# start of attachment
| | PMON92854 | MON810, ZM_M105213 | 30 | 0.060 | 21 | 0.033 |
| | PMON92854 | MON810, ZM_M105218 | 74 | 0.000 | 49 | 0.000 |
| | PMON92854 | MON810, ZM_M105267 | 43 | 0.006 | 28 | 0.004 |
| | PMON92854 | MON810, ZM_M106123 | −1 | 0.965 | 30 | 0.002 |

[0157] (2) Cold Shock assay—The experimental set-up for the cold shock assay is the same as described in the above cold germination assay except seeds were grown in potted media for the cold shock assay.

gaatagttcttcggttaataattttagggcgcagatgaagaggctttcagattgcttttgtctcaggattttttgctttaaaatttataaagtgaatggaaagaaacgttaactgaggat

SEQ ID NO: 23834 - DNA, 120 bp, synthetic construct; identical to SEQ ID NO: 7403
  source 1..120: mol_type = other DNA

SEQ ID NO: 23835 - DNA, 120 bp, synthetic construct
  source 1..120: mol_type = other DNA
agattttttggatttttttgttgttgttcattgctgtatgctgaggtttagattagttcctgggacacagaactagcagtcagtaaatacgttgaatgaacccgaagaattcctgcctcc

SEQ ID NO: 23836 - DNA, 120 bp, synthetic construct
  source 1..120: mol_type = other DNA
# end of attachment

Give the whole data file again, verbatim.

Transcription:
| | PMON92854 | MON810, ZM_M105213 | 30 | 0.060 | 21 | 0.033 |
| | PMON92854 | MON810, ZM_M105218 | 74 | 0.000 | 49 | 0.000 |
| | PMON92854 | MON810, ZM_M105267 | 43 | 0.006 | 28 | 0.004 |
| | PMON92854 | MON810, ZM_M106123 | −1 | 0.965 | 30 | 0.002 |

[0157] (2) Cold Shock assay—The experimental set-up for the cold shock assay is the same as described in the above cold germination assay except seeds were grown in potted media for the cold shock assay.

gaatagttcttcggttaataattttagggcgcagatgaagaggctttcagattgcttttgtctcaggattttttgctttaaaatttataaagtgaatggaaagaaacgttaactgaggat

SEQ ID NO: 23834 - DNA, 120 bp, synthetic construct; identical to SEQ ID NO: 7403
  source 1..120: mol_type = other DNA

SEQ ID NO: 23835 - DNA, 120 bp, synthetic construct
  source 1..120: mol_type = other DNA
agattttttggatttttttgttgttgttcattgctgtatgctgaggtttagattagttcctgggacacagaactagcagtcagtaaatacgttgaatgaacccgaagaattcctgcctcc

SEQ ID NO: 23836 - DNA, 120 bp, synthetic construct
  source 1..120: mol_type = other DNA